N. F. Hyer called up the resolution offered by him some days since, relative to obtaining certain information from clerks of courts.
The Chair was of opinion that his motion would be in order when the unfinished business came up.
Mr. Judd begged leave to differ with the Chair in his construction of the rules.-Express, Oct. 20, 1846.
Moses M. Strong moved that the rules relative to the order of business be suspended and that the convention do now resolve itself into committee of the whole for the further consideration of No. 1, “Article relative to banks and banking,” and the minority report relative thereto, which was decided in the affirmative. And a division having been called for, there were 53 in the affirmative and 13 in the negative.
The convention then resolved itself into committee of the whole for the consideration of said article, Mr. Agry in the chair. And after some time spent in the consideration thereof the committee rose and reported progress and asked leave to sit again thereon. Leave was granted.
On motion of N. F. Hyer the convention adjourned until two o'clock, P. M.
Mr. Baker took the floor in opposition to the penal clauses contained in the majority report of the committee. He did not pretend to enter into the principles of banking, as he considered that principle definitely settled, no member having yet spoken in favor of banks or banking, although much time had been already spent in this discussion. He believed it to be a settled principle with every member of the committee that we were to have no banks nor banking operations whatever within the state. He thought the prohibition of the circula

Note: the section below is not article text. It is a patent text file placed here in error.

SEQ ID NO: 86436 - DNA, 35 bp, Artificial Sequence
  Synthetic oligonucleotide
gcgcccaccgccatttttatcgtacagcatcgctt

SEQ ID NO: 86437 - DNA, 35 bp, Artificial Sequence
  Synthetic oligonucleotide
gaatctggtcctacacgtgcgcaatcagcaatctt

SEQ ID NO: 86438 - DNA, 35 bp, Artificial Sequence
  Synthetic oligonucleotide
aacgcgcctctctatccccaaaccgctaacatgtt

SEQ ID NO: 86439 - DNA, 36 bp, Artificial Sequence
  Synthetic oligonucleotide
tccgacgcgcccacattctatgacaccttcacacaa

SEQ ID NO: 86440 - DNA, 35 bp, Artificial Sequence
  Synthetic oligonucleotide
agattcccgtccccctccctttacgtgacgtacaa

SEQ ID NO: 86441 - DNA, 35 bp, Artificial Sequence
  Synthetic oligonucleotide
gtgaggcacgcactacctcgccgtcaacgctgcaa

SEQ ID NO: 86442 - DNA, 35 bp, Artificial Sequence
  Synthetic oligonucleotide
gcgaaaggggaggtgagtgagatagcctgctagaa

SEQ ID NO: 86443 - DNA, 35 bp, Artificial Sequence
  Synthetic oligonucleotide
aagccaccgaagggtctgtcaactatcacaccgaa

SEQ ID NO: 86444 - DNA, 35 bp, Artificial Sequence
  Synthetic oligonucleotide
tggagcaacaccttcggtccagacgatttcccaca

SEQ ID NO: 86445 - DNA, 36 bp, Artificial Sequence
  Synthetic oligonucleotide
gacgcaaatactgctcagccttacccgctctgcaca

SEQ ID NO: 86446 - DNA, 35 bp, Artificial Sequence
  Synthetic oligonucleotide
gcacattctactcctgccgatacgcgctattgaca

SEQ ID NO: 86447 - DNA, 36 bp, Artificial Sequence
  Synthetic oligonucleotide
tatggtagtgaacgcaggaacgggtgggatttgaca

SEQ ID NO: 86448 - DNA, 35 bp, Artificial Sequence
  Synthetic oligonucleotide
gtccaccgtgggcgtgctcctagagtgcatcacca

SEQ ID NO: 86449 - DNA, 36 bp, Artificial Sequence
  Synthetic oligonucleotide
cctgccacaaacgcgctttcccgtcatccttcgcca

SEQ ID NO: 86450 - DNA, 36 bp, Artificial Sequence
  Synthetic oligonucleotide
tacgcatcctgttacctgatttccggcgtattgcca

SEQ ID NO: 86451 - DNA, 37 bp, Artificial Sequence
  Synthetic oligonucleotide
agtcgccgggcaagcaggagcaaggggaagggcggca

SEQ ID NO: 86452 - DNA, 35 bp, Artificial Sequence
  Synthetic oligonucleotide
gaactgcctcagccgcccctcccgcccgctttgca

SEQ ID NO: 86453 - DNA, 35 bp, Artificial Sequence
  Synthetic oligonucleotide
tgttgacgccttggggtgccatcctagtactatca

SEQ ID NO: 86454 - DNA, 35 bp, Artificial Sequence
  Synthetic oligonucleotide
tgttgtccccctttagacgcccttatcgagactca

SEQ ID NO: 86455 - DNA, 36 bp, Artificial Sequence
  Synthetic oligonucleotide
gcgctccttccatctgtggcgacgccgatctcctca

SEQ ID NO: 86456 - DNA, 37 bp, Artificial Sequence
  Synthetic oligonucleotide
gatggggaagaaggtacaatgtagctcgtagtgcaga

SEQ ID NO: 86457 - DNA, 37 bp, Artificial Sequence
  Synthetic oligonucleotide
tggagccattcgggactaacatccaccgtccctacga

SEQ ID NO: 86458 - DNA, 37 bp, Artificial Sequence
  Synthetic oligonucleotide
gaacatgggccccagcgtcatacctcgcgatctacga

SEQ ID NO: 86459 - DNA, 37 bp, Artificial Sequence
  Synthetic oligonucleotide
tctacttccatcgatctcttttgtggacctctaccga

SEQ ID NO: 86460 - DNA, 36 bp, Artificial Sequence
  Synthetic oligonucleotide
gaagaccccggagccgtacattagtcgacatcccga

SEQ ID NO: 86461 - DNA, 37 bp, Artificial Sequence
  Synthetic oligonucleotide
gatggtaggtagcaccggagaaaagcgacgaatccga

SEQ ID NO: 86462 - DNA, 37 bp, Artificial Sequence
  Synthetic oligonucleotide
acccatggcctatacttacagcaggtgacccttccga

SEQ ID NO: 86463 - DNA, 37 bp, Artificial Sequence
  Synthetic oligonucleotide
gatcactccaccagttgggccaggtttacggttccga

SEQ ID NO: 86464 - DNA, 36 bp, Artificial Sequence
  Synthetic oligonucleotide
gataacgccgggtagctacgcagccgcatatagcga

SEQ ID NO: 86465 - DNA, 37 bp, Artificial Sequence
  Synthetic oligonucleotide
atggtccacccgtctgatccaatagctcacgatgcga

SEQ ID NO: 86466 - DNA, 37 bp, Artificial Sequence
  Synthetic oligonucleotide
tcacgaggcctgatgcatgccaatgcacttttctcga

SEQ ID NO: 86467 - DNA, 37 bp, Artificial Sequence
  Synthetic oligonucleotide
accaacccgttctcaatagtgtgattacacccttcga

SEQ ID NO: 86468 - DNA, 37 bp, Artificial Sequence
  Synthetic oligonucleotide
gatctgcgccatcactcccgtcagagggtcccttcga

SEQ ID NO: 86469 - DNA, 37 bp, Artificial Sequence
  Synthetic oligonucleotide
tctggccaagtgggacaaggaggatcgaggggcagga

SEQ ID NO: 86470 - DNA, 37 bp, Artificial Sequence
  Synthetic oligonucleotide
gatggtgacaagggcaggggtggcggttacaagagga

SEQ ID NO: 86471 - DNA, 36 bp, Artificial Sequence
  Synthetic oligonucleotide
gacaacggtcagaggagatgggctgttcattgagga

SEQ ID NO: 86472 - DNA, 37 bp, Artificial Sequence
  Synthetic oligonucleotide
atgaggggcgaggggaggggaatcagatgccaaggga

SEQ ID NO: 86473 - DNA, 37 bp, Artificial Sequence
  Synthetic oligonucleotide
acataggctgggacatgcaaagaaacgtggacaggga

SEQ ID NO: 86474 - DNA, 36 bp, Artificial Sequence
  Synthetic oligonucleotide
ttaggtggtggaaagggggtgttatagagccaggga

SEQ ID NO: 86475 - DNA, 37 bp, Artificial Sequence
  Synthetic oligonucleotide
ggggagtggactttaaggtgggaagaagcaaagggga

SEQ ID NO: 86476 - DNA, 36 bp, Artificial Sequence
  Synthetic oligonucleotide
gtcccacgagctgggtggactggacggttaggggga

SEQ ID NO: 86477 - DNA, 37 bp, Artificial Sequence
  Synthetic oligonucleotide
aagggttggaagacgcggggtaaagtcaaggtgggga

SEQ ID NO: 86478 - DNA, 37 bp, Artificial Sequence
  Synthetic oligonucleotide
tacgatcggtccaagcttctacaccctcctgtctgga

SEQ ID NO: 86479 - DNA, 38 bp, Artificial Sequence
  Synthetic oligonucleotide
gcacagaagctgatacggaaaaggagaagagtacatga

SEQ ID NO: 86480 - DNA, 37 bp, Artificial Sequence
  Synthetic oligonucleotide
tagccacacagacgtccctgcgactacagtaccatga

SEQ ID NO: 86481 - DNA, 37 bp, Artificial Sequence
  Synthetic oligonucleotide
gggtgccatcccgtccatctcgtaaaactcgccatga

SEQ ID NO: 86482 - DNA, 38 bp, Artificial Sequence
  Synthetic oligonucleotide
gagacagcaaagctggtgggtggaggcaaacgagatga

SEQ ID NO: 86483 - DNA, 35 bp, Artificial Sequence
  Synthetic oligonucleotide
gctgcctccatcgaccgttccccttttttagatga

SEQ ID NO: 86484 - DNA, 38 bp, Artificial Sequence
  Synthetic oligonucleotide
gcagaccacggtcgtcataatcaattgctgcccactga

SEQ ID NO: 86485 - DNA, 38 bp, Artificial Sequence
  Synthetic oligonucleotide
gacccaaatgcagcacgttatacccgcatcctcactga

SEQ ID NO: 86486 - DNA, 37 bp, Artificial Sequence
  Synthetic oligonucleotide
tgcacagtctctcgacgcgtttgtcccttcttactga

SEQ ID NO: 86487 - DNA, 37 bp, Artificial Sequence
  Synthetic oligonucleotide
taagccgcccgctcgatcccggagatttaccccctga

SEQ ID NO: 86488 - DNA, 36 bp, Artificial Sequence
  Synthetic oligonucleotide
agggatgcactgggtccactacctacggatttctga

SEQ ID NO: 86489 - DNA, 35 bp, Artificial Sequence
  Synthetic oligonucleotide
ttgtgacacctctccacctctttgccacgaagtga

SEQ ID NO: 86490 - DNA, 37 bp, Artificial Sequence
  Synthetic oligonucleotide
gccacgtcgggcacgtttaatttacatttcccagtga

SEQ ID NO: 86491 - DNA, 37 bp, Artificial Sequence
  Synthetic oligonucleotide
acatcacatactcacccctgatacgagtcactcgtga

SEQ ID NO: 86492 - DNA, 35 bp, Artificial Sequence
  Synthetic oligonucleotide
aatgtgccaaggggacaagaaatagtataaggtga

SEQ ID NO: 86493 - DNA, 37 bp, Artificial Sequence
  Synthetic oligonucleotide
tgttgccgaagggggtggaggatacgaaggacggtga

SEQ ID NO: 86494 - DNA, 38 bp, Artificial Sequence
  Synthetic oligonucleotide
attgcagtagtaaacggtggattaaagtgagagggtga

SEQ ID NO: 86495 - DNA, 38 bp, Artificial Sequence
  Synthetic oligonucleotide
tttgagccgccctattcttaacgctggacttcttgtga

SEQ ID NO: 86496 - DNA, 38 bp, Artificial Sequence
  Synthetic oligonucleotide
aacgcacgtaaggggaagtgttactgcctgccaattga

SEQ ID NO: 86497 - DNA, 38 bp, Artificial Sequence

tion of bank notes of other states would be injudicious and inexpedient and did not believe the people would uphold the convention in inserting such a clause in the constitution. He feared the rejection by the people of the constitution containing such a prohibition. With the views he entertained upon the subject he would not be deterred from frankly and fearlessly expressing his sentiments by any such epithets as “Old Hunker,” “Progressive Democrat,” “Tadpole,” or “Fourfooted Democrat.” He would ask if we were prepared to exclude all the foreign paper money from our state. He considered such a prohibition uncalled for and prejudicial to the best interests of the people. It was true, he said, that the western portion of the territory had driven out paper, which was all right so far as they were concerned, and the east could also do it by making laws to banish it. But they have never done it, nor have they ever wished to do it. The east was essentially different from the west. A constant influx of emigration pouring in, most of whom brought with them the paper of good, sound, specie paying banks, it was impossible in every case to bring specie in lieu of paper; specie was not so plenty there. If a man sold his farm for four or five thousand dollars, it was a difficult matter in many cases and sometimes impossible to obtain specie in payment. Therefore, if this amendment of the member from Grant should prevail, it would have the effect of checking emigration to our state and turn it off to some other quarter where their money could be used with less inconvenience. Mr. Baker regarded the operation of this law vastly differently west than at the east. Should you say to an emigrant coming into our lake ports, “You shall not bring your paper into our state,” it would most effectually check the tide of emigration. He said the main export of the west was lead, and of the east wheat; specie was plenty at the west because there was not that competition in lead that there was in wheat. The eastern staple of wheat must compete with the vast wheat region of New York, that of Michigan, Illinois, Indiana, and Ohio; and buyers will be apt to purchase where they can do so with the least inconvenience. If they are obliged to bring with them the specie to purchase our wheat, when they can purchase their